Brotherly Kindness


3 Highly valued virtues in business leaders:

  • Honesty, with technical competence (Whetstone, 2001)
  • Humility and professional will (Collins, 2001)
  • Practical Wisdom (Beabout, 2012)   


Beabout, J. (2012). “Management as a domain-relative practice that requires and develops practical wisdom.” Business Ethics Quarterly. 22:2, 405-432.

Collins, J. (2001). Good to Great. NY: HarperCollins.

Whetstone, J. T. (2001). “How virtue fits within business ethics.” Journal of Business Ethics. 3:2, 101-114.

>>This blog post is based on a discussion in Whetstone, J. T. (2013). Leadership Ethics & Spirituality. Bloomington, IN: WestBow.  See previous blogs for elaboration of the suggestions.


Developing Leader Virtues: Suggestion #4



A good leader must have the right skills for leading ethically.  But this is not enough.  Some business educators have come to stress the importance of nurturing the creative mind and the heart, rather than maintaining an almost exclusive devotion to technical training.  Business education needs to be humanized (Donaldson & Freeman, 1994; Walton, 1994). Ethics is best—and most successfully—taught along with the value-engaging perspectives of history, philosophy, literature, languages, and intercultural studies.  Solomon (1994) recommends that this include cultivation of the virtues and a concern for inspiring students to be good, humane persons.  This is C. S. Lewis’s message in The Abolition of Man (1944, 2001).  Education should build hearts devoted to traditional, universal virtues such as courage, honor, and love of neighbor; the aim of education is to make the pupil like and dislike what he ought (Aristotle, quoted in Lewis (1944, 2001, p. 16).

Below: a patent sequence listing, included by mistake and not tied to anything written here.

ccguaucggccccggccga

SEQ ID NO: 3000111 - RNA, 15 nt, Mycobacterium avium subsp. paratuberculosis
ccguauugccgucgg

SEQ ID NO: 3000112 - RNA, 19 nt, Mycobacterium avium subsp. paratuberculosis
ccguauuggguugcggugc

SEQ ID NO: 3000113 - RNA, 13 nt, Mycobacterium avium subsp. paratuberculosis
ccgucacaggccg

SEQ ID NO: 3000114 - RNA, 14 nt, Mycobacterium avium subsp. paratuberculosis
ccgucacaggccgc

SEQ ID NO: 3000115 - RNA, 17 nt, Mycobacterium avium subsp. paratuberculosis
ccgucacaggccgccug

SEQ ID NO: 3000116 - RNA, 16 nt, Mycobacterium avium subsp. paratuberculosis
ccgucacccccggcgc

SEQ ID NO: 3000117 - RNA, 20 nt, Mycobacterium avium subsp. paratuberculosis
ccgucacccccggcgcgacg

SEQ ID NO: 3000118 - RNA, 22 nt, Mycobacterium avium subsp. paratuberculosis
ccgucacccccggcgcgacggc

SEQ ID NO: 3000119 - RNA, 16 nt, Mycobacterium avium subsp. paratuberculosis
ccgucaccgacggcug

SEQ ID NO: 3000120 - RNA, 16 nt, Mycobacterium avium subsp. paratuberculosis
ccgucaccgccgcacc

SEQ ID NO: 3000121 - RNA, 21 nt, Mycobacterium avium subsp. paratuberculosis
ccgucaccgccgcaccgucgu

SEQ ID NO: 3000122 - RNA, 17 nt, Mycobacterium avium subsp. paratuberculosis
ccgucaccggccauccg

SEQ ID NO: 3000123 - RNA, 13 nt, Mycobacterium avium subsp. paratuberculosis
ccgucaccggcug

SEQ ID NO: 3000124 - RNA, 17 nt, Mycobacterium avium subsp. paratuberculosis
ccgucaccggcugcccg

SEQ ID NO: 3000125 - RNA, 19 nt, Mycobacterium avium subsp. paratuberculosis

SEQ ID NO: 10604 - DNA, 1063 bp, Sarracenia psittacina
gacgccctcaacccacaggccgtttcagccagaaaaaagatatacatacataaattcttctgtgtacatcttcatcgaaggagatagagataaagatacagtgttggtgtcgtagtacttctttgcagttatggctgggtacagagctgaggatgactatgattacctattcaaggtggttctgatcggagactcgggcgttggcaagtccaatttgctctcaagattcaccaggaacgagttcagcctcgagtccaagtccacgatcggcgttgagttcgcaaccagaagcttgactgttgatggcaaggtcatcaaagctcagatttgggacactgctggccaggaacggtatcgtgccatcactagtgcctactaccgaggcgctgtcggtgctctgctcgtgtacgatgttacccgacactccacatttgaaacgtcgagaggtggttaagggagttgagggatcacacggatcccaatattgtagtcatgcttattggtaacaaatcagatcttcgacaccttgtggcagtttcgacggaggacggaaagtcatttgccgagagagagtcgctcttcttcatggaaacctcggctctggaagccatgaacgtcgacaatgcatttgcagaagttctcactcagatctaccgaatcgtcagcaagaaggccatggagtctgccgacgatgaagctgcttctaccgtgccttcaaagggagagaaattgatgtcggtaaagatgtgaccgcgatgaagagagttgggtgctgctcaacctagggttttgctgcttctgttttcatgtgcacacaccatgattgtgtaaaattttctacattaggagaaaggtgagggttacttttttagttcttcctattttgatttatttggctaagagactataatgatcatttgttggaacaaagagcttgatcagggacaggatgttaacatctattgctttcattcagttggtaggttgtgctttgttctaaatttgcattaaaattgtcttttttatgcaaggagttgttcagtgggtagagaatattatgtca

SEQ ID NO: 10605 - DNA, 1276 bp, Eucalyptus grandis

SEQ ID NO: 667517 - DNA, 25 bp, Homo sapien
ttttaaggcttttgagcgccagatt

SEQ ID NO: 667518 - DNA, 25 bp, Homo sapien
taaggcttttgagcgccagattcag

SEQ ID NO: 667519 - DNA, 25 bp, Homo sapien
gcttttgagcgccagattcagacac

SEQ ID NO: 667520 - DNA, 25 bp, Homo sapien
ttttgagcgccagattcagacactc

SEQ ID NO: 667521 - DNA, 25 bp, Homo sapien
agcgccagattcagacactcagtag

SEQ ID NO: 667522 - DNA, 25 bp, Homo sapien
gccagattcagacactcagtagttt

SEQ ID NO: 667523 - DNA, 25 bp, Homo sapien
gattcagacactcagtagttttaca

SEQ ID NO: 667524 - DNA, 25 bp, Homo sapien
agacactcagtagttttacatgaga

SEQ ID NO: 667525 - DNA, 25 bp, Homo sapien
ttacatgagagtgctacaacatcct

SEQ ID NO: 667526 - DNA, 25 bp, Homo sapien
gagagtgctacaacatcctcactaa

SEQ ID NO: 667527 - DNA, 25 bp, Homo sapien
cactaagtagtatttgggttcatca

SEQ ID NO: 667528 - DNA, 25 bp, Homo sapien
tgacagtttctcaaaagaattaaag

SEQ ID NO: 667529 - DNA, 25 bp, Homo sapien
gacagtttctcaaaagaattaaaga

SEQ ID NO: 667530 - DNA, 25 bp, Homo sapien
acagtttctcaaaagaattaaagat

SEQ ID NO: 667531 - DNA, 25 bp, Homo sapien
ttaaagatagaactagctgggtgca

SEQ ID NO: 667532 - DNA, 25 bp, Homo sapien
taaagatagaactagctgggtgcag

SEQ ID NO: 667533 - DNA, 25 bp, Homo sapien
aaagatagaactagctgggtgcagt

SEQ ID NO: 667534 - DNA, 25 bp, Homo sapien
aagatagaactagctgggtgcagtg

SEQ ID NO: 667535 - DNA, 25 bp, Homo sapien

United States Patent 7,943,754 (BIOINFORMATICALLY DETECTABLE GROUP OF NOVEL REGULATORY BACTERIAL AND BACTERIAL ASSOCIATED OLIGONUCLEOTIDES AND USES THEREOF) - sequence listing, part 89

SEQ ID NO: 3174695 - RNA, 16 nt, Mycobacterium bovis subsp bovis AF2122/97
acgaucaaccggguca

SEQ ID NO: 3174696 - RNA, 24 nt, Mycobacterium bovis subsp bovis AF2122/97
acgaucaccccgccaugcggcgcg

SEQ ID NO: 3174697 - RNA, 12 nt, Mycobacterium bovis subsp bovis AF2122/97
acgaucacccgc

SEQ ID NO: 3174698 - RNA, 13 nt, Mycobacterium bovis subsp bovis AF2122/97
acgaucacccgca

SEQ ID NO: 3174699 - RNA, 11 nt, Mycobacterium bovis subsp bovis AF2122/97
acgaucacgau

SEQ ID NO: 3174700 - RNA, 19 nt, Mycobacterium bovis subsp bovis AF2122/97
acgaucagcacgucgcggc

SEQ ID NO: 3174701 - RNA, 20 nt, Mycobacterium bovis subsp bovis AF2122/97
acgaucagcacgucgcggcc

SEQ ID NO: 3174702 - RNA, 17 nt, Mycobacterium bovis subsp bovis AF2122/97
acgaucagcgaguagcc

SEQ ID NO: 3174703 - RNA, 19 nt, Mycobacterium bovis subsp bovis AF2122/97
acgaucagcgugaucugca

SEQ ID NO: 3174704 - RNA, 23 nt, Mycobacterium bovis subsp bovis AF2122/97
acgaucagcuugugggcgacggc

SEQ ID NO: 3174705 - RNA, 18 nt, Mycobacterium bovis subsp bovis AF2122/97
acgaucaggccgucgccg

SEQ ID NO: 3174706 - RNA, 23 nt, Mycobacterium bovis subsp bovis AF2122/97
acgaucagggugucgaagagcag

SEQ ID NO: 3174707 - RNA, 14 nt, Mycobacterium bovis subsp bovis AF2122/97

But how can you, a working leader, improve your values perspective, and thus your heart, without returning to university for a humanities degree?  You can adopt the habit of reading great works of literature, including biographies and autobiographies of leaders.  Reading such literature can help you better appreciate how others came to recognize and address leadership challenges.  Of course, this is not a new idea or a hidden secret for leadership success—just note how the better speakers and the most respected leaders refer to what they have read.